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The Butchering Art by Lindsey Fitzharris

Mon, 01/11/2021 - 10:38pm by noelleb

 

Book cover, surgery performed while a Victorian man lecturesThroughout most of the 19th century surgeons performed surgeries in unclean rooms, with tables, tools, and aprons, layered with blood and the remains of past surgeries. The gore was seen as a source of pride, showing off how many surgeries they had performed. Infection was  seen as desirable, the discharge that is now recognized as something to be avoided, was then considered part of the healing process. The death rate in hospitals was so bad that they were places to be avoided at all costs; home surgery was performed if one could afford it. This was the state of surgery when Joseph Lister, the subject of Lindsey Fitzharris's The Butchering Art, began his training.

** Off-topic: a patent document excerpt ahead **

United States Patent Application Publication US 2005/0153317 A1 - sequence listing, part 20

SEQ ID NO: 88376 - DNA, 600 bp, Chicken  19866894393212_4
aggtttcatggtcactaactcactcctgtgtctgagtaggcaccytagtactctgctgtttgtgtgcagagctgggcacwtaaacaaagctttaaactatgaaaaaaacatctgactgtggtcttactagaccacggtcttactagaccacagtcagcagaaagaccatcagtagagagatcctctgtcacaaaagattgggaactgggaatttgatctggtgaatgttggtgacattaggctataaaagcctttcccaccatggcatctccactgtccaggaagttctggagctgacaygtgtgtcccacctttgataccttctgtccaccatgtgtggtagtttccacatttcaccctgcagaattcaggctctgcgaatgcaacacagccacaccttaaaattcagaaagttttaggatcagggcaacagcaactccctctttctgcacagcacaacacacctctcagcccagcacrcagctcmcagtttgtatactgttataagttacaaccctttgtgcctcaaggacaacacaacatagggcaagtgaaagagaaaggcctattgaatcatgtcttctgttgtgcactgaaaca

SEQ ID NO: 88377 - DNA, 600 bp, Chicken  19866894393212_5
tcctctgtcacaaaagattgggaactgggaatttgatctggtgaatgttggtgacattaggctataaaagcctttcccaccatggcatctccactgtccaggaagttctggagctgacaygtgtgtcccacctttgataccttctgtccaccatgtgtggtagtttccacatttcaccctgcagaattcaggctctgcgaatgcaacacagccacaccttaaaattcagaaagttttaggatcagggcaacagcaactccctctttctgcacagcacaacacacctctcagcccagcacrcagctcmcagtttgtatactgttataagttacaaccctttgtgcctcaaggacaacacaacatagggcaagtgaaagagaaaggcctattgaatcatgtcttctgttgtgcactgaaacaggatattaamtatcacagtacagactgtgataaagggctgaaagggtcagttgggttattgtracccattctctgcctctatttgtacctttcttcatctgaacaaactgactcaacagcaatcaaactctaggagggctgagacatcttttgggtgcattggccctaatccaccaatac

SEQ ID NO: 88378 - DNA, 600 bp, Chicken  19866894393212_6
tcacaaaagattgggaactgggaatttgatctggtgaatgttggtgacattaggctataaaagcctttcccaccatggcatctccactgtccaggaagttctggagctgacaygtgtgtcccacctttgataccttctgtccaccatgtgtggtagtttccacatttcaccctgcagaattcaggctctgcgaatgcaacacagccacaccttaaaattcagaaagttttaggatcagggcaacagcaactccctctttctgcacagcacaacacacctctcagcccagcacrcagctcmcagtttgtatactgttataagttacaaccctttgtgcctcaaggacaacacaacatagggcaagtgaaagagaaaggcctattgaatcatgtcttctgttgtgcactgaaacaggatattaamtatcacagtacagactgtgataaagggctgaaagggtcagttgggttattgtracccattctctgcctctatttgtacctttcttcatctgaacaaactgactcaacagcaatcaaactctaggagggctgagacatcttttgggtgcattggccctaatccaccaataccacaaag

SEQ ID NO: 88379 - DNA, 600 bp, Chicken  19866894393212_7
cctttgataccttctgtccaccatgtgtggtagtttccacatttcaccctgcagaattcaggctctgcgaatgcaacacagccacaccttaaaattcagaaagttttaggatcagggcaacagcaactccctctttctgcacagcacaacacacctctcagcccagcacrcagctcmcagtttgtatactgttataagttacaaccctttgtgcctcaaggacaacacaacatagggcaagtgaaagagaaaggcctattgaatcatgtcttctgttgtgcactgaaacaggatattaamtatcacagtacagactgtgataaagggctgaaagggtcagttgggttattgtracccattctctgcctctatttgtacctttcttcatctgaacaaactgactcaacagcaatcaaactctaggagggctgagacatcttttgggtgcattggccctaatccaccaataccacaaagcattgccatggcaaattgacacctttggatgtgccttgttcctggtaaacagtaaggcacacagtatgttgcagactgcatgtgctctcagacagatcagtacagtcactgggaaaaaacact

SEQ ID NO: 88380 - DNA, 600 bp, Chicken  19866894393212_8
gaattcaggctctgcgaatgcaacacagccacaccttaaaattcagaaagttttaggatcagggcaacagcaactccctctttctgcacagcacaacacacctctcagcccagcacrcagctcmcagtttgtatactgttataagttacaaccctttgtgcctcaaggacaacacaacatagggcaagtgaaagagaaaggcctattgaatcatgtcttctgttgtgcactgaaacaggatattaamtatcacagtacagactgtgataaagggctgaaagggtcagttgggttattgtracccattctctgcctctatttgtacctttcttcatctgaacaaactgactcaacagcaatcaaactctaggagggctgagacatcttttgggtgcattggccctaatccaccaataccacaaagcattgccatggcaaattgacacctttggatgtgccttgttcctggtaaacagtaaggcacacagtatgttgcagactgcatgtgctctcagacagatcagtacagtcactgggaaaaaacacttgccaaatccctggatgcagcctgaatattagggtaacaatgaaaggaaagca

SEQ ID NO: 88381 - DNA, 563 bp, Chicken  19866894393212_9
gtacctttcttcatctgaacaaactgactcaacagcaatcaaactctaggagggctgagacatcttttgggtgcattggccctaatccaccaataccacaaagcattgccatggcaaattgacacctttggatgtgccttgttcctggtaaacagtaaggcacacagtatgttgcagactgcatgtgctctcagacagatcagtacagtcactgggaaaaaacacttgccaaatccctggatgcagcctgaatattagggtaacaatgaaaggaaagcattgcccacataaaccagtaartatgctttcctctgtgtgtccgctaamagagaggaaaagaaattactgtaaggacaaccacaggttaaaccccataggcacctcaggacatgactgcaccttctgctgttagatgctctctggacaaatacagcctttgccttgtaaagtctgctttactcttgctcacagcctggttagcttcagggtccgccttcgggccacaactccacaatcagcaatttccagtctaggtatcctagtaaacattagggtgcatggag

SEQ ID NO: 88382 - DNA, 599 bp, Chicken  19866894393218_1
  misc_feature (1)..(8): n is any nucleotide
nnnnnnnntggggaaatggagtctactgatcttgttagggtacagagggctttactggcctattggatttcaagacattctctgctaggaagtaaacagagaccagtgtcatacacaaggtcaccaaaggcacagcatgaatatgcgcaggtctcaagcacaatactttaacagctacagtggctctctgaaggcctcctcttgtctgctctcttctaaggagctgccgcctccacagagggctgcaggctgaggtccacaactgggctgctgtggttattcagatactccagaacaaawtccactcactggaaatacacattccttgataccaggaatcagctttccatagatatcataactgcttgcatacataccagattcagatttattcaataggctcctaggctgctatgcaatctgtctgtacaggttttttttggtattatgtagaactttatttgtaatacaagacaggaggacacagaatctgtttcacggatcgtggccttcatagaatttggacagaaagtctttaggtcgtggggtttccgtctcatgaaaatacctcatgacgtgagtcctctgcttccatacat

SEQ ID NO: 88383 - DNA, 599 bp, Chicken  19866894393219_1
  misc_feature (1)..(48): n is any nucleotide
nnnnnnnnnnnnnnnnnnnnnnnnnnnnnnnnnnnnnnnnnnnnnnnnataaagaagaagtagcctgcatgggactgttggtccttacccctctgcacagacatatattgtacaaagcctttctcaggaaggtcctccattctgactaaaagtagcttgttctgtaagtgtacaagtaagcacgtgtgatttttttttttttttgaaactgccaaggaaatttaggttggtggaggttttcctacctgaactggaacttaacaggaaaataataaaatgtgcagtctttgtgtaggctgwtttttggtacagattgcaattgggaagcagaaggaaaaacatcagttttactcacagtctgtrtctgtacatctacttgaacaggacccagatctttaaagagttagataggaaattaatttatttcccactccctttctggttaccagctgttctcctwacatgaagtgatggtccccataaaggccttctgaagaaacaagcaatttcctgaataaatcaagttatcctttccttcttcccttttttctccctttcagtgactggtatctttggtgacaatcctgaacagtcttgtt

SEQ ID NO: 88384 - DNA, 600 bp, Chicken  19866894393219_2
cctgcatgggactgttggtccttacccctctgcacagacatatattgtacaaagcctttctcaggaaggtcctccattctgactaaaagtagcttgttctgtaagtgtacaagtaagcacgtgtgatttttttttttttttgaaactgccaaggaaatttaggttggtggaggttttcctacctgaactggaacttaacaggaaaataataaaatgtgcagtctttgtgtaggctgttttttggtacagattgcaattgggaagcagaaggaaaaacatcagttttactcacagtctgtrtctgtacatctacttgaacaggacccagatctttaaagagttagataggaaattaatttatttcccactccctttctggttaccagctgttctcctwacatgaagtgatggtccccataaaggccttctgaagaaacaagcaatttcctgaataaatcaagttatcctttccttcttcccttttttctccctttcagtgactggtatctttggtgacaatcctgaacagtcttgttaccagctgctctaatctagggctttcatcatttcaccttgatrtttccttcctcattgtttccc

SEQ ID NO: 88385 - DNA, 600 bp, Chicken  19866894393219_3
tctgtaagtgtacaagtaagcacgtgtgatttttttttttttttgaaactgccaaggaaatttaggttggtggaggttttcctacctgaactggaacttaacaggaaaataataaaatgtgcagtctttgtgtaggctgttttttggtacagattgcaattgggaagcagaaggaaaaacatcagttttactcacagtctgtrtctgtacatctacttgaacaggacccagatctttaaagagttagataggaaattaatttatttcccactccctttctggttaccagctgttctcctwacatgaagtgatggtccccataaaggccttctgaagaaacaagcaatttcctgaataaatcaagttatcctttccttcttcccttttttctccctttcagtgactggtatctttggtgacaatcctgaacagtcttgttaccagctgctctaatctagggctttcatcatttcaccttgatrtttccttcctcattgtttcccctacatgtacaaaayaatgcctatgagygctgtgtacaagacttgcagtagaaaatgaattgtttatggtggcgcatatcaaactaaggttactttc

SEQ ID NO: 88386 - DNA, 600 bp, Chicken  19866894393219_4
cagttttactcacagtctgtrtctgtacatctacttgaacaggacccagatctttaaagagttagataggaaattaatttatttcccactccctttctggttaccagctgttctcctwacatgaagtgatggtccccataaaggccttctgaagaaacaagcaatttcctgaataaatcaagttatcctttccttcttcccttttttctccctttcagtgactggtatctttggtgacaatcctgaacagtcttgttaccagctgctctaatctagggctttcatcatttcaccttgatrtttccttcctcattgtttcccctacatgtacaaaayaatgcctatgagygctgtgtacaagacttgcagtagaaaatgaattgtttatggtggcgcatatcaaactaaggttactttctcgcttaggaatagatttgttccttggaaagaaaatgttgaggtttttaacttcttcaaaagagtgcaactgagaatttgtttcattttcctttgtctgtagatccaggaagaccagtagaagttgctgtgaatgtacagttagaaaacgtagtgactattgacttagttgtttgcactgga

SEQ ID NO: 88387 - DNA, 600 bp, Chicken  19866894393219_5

A surgeon of great compassion, Lister was determined to figure out why patients kept dying after surgeries. Most doctors disbelieved in Louis Pasteur’s theory of germs, but Lister was one of the few who believed in their existence. His studies and methods, which were widely mocked among other physicians in England, eventually became mainstream. Lister’s discovery of antiseptic in treatment of wounds and sterilizing hospitals reduced deaths and amputations. They are a cornerstone of medicine, and led to surgeons being able to expand the types of surgeries performed. Fitzharris’s portrayal of how Lister transformed medicine during the later half of the 1800s is so incredibly engrossing, it reads like a blockbuster movie.

 

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